A Story About Insulators and Conductors, suitable for Grade 6, Cluster 3:Electricity (6-3-07) or Grade 7, Cluster 2: Particle Theory of Matter (7-2-08, 7-209) Paul was very excited; at any moment his grandfather would be arriving to pick him up. They were to go camping at a nearby lake. They would spend the day fishing, and then in the evening Paul would sit with his grandfather and listen to all the interesting stories that he had.
Earlier in the day, Paul had packed up all of his camping supplies. He had his fishing rod, sleeping bag, and some hot dogs for supper (just in case they didn’t catch any fish). Paul also made sure to pack a wire coat hanger so that they could cook the hot dogs.
Paul’s grandfather arrived and off they went to the lake. They fished and fished for hours, but unfortunately it was an unsuccessful day. The fish just weren’t biting.
Hungry and tired from an entire day spent on the lake; Paul and his grandfather went back to their campsite. Paul’s grandfather built a hot fire and then went to get some water. Paul figured that he would get supper started while his grandfather was gone.
Paul waited until the fire had burned down a bit before he started cooking the hot dogs. He unwound the wire coat hanger that he had brought with him and shoved a hot dog on the end of it. Paul sat down on a lawn chair and held the coat hanger over the fire.
“Aaaah, its so nice to sit here and relax,” thought Paul to himself. “These hot dogs are going to taste so good.”
Paul closed his eyes and began dreaming about catching a giant fish. He could feel the fishing rod in his hands and the fish that he was fighting. His hands were getting sweaty. The fishing rod was getting harder to hold, it was so…warm?!!
“OUCH!” Paul woke up with a start and dropped the coat hanger on the ground. His hand had a huge, red, burning welt on it. It wasn’t the fishing rod that had been hard to hold, but the coat hanger that he was using to cook the hot dogs.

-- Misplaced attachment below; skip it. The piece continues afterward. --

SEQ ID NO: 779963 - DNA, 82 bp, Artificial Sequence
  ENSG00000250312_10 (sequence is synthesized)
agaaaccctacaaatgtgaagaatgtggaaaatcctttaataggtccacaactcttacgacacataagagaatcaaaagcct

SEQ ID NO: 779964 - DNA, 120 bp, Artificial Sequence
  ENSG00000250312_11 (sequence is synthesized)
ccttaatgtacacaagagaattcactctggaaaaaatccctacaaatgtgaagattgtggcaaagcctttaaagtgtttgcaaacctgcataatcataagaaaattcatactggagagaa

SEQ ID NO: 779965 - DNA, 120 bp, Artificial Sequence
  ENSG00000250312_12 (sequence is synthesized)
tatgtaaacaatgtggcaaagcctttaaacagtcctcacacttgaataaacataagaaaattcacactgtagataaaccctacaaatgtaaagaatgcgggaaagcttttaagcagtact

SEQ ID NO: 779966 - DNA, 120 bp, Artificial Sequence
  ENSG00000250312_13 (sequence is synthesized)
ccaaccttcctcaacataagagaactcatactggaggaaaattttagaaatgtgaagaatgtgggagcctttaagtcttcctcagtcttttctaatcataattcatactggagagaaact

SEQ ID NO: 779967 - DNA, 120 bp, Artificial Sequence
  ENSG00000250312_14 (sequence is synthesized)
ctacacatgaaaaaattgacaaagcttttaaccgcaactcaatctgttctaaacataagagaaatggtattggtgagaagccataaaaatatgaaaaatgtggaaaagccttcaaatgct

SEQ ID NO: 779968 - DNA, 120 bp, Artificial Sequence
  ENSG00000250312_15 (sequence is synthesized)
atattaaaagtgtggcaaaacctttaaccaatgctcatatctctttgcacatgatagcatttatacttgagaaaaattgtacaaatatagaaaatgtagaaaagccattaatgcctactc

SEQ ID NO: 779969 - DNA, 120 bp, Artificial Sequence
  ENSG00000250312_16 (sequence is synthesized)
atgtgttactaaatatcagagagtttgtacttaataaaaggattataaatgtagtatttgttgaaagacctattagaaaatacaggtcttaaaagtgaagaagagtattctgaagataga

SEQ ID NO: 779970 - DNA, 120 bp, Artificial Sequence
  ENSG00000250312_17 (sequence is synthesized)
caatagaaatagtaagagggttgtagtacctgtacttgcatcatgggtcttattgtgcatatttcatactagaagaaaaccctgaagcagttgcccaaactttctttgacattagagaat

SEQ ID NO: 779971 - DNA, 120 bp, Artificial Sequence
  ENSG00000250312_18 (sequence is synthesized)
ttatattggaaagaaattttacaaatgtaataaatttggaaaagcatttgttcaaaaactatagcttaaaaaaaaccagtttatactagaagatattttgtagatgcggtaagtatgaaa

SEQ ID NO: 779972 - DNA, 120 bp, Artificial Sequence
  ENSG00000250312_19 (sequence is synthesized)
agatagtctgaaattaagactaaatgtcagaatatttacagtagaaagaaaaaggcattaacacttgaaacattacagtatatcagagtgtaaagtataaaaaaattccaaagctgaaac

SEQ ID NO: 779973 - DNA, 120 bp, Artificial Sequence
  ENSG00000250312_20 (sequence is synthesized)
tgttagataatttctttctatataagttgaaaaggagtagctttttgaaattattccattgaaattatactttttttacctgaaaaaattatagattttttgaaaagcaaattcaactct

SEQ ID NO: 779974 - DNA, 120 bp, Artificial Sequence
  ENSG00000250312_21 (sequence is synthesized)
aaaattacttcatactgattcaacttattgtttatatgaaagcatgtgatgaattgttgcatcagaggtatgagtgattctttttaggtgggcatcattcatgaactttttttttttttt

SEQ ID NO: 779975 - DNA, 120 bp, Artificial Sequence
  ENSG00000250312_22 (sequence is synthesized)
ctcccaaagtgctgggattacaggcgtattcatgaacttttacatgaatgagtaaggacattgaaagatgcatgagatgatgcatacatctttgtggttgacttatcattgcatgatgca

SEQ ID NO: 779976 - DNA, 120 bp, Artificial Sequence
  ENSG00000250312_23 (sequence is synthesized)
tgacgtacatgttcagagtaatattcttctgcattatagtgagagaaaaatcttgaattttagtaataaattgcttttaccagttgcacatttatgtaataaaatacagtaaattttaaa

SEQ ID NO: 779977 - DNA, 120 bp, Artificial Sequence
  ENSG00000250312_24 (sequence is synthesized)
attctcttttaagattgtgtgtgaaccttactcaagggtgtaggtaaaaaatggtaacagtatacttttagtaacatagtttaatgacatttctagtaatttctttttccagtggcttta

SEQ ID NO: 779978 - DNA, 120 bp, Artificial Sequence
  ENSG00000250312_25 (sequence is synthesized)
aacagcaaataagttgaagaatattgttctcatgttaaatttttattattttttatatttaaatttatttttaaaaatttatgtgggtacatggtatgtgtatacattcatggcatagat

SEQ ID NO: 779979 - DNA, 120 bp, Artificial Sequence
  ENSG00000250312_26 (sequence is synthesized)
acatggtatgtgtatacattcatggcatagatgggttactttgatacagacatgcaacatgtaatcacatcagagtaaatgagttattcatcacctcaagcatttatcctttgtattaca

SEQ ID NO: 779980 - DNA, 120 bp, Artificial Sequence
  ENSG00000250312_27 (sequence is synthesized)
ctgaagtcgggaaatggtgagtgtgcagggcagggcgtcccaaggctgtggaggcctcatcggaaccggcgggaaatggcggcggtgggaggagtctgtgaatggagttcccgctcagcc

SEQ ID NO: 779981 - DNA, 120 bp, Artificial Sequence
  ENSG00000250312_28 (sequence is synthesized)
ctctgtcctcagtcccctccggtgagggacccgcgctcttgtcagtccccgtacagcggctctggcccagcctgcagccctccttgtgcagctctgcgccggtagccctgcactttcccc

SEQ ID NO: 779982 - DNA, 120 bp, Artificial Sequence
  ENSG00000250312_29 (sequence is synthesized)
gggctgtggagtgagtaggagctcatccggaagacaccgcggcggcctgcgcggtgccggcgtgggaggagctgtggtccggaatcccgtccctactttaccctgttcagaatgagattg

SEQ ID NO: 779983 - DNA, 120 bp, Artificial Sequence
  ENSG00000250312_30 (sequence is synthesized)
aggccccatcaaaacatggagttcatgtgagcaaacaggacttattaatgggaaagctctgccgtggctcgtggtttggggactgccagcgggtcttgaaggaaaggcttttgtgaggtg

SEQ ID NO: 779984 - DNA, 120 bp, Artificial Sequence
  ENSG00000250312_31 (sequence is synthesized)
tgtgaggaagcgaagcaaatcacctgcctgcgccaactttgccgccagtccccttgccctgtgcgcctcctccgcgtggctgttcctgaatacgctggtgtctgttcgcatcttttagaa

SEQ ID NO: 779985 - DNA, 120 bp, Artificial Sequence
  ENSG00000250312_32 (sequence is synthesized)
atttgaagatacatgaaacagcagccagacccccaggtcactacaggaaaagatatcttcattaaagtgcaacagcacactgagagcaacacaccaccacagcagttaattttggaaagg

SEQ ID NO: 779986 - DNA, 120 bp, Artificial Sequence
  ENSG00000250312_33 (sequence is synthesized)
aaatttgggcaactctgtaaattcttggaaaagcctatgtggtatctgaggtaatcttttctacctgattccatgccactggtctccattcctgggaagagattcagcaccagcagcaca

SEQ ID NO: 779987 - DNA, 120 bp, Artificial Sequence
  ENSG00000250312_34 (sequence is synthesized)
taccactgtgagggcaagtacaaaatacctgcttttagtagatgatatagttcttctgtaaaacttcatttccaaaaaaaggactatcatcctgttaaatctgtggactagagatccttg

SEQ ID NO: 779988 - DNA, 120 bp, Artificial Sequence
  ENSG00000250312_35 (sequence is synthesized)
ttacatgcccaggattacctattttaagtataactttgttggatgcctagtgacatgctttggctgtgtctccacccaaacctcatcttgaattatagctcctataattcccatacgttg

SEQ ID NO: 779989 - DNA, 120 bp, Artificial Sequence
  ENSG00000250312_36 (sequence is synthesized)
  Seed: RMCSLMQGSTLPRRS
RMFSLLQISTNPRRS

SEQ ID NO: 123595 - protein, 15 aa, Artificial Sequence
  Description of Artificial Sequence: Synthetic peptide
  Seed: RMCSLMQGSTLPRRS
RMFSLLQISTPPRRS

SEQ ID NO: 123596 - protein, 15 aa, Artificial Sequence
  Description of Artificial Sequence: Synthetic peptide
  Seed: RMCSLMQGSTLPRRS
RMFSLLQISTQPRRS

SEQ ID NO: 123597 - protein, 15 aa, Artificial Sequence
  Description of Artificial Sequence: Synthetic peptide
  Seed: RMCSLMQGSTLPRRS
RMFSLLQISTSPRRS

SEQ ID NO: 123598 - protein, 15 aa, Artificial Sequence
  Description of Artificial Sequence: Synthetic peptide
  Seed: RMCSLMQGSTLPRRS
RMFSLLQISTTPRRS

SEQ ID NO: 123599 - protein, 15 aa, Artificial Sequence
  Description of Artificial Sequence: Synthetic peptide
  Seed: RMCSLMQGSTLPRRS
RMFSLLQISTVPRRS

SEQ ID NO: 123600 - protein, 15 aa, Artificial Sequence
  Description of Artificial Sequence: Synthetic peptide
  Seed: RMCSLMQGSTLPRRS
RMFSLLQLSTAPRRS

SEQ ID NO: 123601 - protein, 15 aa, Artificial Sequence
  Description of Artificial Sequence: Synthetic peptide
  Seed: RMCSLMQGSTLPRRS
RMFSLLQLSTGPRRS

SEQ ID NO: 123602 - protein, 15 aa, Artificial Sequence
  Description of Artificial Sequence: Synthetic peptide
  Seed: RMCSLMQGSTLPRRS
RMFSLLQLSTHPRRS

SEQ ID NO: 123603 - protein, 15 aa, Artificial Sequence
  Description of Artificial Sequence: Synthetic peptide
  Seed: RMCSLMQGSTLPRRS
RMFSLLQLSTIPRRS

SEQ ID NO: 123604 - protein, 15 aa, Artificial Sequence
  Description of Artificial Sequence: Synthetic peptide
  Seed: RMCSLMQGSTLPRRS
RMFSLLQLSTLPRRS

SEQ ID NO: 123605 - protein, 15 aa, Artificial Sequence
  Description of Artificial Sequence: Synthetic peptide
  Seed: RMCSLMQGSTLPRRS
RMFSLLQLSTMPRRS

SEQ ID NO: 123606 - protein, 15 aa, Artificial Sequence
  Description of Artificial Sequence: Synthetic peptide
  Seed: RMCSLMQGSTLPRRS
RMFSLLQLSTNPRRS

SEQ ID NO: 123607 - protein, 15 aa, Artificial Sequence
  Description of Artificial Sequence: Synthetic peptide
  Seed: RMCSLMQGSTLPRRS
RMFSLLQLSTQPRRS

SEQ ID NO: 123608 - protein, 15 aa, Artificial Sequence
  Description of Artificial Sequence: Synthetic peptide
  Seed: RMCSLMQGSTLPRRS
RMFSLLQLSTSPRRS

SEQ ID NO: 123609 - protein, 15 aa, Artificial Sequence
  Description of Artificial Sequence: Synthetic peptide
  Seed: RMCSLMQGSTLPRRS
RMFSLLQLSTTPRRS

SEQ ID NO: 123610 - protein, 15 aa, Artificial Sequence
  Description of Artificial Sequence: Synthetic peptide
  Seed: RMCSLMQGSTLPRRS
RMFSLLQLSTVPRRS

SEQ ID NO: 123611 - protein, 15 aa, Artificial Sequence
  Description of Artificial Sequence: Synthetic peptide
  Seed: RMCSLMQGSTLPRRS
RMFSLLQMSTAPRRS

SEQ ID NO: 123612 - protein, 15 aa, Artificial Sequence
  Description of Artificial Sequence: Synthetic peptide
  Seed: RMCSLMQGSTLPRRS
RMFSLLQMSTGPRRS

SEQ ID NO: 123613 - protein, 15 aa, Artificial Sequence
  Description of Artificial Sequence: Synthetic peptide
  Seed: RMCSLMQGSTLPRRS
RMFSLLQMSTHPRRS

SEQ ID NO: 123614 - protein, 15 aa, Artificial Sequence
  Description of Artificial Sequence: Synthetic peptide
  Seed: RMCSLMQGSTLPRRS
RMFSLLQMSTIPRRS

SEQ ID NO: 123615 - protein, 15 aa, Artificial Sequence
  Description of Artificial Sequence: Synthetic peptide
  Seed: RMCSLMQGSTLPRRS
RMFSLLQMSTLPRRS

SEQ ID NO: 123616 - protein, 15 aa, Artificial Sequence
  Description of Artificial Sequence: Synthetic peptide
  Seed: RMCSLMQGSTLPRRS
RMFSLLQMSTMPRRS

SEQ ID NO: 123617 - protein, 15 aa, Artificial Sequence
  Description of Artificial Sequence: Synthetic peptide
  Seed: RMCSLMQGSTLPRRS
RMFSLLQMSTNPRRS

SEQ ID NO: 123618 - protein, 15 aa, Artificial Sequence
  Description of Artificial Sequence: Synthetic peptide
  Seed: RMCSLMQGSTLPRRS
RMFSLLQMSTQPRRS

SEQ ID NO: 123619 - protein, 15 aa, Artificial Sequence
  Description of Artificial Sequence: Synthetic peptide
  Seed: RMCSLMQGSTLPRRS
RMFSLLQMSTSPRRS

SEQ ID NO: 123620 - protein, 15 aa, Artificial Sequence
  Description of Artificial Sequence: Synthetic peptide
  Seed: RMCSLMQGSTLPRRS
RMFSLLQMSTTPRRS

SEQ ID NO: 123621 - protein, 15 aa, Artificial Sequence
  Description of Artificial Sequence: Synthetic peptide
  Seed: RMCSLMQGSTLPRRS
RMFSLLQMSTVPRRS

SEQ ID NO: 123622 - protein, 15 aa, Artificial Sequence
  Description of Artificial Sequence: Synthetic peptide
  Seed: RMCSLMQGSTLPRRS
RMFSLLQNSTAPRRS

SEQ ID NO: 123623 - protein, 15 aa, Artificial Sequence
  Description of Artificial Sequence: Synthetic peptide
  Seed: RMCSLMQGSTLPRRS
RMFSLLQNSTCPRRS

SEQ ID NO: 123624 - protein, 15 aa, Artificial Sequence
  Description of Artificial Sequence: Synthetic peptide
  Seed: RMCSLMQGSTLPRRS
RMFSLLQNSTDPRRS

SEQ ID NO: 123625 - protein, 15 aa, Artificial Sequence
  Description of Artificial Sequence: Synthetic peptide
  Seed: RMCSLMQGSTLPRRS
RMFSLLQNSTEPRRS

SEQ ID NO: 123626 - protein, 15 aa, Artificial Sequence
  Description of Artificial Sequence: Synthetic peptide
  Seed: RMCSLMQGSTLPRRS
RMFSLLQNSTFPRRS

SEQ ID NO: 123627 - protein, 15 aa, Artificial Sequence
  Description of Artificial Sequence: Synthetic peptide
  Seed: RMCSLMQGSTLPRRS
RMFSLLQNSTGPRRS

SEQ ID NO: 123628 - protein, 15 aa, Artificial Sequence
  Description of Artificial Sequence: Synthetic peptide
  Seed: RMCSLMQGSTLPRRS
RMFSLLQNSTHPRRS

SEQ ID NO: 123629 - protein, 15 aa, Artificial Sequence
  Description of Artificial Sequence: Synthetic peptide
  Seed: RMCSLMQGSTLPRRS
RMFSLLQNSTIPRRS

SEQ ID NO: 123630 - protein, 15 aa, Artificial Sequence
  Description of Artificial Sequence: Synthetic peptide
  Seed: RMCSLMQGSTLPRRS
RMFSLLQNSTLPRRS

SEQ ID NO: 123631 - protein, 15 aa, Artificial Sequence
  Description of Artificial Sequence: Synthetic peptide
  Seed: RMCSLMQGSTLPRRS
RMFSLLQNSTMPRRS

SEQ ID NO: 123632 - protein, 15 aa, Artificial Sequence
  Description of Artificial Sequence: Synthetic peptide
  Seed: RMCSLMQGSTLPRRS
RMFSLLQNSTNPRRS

“How on earth did the hanger get hot enough to burn me when the end I was holding wasn’t even close to the fire?” thought Paul to himself. Paul looked down at the hot dogs. They were only half cooked and the wire coat hanger was way too hot to hold. How was he going to cook the hot dogs without burning himself?
Paul’s grandfather had walked into the campsite just as Paul dropped the wire coat hanger. He noticed Paul’s dilemma immediately.
“Here, let me help you.” Paul’s grandfather pulled out his pocketknife and went into the bushes. He cut a thin branch that was roughly the same size and length as the coat hanger and put a fresh hot dog on the end of it.
“Try cooking the hot dog with this,” said Paul’s grandfather.
“But won’t the end of it get hot and burn me?” asked Paul.
“No. The wire hanger is made of metal. Objects made out of metal conduct heat. That is why one end of wire can be over the fire and transfer the heat to the other end where your hand is holding the wire. The wooden stick is an insulator and it does not transfer the heat from one end of the stick to the other very well. Your hand will not get burnt,” Paul’s grandfather replied.
Paul was still a little nervous about getting burnt, but he went ahead and tried cooking the hot dog for a second time. He carefully put the end of the stick over the fire and carefully rotated the stick so that the hot dog could cook evenly. After several minutes of cooking Paul’s hands still didn’t feel warm. The hot dogs had turned a nice golden brown color and were ready to be eaten.
Paul gave his grandfather the hot dog and grabbed another one to cook for himself. The stick still did not burn his hands even after cooking two hot dogs in a row.
“Wow Grandpa, you were right! My hands aren’t warm at all. I think I might even be able to cook some marshmallows for dessert!”